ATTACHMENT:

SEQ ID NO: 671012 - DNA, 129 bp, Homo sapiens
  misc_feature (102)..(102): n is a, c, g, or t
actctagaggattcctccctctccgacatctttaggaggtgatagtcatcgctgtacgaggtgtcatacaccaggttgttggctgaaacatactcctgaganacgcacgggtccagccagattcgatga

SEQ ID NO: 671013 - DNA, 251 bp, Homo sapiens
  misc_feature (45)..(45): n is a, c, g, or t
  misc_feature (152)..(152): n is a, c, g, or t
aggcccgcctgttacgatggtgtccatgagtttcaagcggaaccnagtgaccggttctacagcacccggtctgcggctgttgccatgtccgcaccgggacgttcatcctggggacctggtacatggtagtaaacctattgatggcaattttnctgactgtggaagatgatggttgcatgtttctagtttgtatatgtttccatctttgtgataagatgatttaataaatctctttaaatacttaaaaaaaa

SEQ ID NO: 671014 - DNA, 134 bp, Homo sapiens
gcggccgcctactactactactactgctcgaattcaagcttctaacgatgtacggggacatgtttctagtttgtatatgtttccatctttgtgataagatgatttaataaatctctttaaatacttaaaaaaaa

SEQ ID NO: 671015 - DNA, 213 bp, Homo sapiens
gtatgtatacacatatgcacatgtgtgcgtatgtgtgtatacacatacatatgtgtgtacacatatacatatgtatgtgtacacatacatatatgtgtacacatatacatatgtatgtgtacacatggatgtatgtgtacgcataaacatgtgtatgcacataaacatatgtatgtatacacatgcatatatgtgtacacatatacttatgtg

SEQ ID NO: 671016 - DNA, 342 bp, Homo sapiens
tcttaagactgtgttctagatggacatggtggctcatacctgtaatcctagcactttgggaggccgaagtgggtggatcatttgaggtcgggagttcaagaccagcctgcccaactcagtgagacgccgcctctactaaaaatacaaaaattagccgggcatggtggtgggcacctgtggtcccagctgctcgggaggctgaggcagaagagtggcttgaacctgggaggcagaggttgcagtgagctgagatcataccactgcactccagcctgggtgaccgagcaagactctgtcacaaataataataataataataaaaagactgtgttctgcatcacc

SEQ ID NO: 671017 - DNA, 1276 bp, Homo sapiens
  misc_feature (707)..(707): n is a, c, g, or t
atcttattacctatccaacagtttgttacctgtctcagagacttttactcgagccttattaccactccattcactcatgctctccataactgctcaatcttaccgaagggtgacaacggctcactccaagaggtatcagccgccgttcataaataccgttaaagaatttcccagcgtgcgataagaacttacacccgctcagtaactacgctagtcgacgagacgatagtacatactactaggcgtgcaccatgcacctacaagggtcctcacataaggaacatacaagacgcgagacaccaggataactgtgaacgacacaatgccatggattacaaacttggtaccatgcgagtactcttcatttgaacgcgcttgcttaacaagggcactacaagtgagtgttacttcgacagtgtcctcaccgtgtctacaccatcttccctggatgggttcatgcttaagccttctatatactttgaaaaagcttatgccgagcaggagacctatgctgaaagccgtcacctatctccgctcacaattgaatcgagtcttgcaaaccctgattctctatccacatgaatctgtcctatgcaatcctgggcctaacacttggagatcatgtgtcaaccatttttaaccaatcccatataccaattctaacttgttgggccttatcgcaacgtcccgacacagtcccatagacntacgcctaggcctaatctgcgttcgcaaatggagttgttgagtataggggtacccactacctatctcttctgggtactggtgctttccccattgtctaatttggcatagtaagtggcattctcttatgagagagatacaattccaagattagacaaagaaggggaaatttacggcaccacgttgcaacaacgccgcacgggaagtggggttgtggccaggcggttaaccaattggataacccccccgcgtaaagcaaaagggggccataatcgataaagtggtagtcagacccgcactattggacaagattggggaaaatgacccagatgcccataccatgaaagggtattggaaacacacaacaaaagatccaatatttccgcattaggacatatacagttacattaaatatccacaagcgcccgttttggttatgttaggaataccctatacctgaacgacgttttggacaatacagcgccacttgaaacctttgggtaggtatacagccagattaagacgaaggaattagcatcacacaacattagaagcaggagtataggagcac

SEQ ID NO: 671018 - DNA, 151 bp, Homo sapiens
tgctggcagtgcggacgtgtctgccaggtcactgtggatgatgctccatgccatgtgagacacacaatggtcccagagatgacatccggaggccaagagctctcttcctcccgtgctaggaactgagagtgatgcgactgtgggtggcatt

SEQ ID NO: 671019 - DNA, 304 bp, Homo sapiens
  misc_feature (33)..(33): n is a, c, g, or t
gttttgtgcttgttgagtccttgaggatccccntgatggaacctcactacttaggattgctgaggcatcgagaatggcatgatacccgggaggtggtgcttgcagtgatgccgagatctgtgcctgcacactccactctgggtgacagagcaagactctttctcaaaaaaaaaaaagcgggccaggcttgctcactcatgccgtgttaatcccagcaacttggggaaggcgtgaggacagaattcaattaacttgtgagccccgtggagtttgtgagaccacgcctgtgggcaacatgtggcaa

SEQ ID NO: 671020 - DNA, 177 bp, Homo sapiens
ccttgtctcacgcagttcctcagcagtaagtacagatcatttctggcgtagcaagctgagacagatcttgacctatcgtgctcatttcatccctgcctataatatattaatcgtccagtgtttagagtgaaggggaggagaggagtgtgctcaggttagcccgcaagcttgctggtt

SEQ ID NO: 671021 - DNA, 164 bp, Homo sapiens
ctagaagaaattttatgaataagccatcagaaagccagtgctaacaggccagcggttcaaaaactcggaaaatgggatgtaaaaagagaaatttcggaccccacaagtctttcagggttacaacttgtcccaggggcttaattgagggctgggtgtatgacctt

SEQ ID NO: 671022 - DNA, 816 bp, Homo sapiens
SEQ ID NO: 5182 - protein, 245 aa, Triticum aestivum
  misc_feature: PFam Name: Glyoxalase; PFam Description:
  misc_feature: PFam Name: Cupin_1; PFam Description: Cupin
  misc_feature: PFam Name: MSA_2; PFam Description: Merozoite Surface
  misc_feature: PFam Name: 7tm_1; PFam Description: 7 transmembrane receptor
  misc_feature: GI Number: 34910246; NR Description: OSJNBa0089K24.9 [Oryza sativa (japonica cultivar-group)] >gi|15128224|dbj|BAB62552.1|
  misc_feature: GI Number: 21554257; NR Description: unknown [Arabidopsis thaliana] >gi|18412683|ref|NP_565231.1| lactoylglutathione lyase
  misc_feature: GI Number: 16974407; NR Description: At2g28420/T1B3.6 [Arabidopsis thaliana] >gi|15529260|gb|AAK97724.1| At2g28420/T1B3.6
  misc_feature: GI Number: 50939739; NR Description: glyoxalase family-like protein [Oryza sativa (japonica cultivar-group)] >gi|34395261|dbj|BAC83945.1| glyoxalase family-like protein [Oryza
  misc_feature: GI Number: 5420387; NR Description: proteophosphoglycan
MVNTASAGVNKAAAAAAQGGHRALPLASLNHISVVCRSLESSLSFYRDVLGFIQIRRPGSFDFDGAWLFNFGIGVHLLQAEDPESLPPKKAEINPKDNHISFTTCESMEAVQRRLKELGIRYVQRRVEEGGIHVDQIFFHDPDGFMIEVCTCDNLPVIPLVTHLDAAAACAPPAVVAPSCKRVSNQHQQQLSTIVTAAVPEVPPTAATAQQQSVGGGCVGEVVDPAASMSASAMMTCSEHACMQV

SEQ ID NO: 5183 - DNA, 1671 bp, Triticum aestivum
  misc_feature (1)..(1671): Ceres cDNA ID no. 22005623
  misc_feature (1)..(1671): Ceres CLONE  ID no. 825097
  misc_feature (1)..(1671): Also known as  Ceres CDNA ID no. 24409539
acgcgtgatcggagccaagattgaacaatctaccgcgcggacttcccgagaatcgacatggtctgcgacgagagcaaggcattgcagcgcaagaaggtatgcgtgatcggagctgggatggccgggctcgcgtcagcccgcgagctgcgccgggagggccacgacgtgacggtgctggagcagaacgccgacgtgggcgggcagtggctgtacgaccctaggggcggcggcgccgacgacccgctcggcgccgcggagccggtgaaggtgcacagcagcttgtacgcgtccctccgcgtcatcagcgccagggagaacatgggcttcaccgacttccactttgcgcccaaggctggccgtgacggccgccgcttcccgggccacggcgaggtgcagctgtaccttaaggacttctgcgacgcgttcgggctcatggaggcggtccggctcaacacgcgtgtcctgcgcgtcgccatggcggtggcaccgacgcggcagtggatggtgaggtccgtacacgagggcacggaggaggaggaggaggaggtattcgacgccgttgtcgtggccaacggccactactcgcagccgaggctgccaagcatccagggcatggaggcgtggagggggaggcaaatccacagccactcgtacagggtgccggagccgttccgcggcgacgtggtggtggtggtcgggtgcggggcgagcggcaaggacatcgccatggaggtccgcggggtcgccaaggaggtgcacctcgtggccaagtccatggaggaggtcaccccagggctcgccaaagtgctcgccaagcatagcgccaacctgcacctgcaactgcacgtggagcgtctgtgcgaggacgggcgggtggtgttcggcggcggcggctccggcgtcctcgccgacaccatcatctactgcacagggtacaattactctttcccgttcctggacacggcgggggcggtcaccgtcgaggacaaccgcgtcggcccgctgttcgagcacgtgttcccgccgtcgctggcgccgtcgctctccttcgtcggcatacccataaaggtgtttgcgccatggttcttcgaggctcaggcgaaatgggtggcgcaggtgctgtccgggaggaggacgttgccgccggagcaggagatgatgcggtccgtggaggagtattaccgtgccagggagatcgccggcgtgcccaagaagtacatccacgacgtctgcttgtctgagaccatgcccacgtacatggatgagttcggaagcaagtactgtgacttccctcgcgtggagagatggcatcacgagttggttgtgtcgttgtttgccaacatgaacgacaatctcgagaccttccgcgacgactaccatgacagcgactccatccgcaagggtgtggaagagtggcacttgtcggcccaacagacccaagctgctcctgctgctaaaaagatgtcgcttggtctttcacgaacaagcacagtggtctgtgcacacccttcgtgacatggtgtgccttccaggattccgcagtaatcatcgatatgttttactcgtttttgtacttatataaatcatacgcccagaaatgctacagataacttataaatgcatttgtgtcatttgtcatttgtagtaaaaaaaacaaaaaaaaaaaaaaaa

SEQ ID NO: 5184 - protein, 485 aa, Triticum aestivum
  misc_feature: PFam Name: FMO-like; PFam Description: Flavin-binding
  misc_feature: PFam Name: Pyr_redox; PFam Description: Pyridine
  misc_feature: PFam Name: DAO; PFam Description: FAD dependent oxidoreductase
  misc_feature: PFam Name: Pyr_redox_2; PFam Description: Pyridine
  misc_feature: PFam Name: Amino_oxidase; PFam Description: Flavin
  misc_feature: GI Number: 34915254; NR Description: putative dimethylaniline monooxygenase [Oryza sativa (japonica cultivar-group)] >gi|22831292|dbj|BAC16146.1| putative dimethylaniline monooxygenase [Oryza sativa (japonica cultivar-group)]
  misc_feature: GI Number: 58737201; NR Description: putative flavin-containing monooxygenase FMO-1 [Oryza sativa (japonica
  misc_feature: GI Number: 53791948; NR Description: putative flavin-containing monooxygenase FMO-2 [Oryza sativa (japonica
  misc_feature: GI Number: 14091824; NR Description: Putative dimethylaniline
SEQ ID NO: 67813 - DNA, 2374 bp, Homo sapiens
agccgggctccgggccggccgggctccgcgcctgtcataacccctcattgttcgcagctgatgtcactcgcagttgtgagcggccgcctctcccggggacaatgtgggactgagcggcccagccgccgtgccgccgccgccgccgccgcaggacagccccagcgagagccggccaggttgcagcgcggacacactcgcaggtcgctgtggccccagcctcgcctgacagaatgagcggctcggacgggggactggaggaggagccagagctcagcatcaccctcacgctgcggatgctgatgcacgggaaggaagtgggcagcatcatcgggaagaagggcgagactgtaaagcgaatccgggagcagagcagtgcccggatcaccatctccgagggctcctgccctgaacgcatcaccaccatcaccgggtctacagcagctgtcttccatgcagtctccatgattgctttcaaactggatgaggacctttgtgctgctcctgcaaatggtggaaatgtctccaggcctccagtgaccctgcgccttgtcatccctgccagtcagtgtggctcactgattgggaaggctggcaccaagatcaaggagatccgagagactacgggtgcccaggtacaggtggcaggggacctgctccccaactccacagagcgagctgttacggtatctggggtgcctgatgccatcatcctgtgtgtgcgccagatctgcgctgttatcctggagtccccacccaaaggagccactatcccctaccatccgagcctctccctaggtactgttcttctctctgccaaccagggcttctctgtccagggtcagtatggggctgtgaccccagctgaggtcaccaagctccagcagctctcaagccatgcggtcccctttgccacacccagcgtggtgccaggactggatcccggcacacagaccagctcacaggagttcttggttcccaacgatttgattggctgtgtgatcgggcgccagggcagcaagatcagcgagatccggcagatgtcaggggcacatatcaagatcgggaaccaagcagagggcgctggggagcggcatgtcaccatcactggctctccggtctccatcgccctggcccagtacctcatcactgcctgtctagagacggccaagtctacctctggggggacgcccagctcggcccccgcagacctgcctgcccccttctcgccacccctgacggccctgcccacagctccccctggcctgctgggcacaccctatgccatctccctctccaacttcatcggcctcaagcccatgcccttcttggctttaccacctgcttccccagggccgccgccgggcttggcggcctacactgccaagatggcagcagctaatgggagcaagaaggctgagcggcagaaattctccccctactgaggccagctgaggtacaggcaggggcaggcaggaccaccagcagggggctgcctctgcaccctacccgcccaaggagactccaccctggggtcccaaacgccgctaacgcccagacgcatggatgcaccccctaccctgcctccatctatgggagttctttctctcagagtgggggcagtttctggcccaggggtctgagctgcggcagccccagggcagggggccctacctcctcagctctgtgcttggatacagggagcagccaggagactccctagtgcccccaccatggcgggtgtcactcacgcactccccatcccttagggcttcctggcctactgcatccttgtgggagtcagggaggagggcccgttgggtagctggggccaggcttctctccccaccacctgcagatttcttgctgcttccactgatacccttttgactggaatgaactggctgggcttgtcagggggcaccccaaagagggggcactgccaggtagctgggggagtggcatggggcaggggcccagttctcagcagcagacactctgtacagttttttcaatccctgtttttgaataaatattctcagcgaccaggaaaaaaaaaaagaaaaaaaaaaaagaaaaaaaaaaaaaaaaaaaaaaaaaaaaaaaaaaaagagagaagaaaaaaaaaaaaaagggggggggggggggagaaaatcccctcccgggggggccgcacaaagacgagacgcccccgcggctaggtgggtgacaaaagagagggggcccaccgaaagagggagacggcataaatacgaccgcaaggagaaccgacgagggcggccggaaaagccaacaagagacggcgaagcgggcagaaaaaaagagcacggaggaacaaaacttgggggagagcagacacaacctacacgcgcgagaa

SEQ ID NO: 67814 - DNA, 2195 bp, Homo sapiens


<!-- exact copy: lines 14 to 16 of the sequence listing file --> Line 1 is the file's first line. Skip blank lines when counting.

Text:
SEQ ID NO: 671017 - DNA, 1276 bp, Homo sapiens
  misc_feature (707)..(707): n is a, c, g, or t
atcttattacctatccaacagtttgttacctgtctcagagacttttactcgagccttattaccactccattcactcatgctctccataactgctcaatcttaccgaagggtgacaacggctcactccaagaggtatcagccgccgttcataaataccgttaaagaatttcccagcgtgcgataagaacttacacccgctcagtaactacgctagtcgacgagacgatagtacatactactaggcgtgcaccatgcacctacaagggtcctcacataaggaacatacaagacgcgagacaccaggataactgtgaacgacacaatgccatggattacaaacttggtaccatgcgagtactcttcatttgaacgcgcttgcttaacaagggcactacaagtgagtgttacttcgacagtgtcctcaccgtgtctacaccatcttccctggatgggttcatgcttaagccttctatatactttgaaaaagcttatgccgagcaggagacctatgctgaaagccgtcacctatctccgctcacaattgaatcgagtcttgcaaaccctgattctctatccacatgaatctgtcctatgcaatcctgggcctaacacttggagatcatgtgtcaaccatttttaaccaatcccatataccaattctaacttgttgggccttatcgcaacgtcccgacacagtcccatagacntacgcctaggcctaatctgcgttcgcaaatggagttgttgagtataggggtacccactacctatctcttctgggtactggtgctttccccattgtctaatttggcatagtaagtggcattctcttatgagagagatacaattccaagattagacaaagaaggggaaatttacggcaccacgttgcaacaacgccgcacgggaagtggggttgtggccaggcggttaaccaattggataacccccccgcgtaaagcaaaagggggccataatcgataaagtggtagtcagacccgcactattggacaagattggggaaaatgacccagatgcccataccatgaaagggtattggaaacacacaacaaaagatccaatatttccgcattaggacatatacagttacattaaatatccacaagcgcccgttttggttatgttaggaataccctatacctgaacgacgttttggacaatacagcgccacttgaaacctttgggtaggtatacagccagattaagacgaaggaattagcatcacacaacattagaagcaggagtataggagcac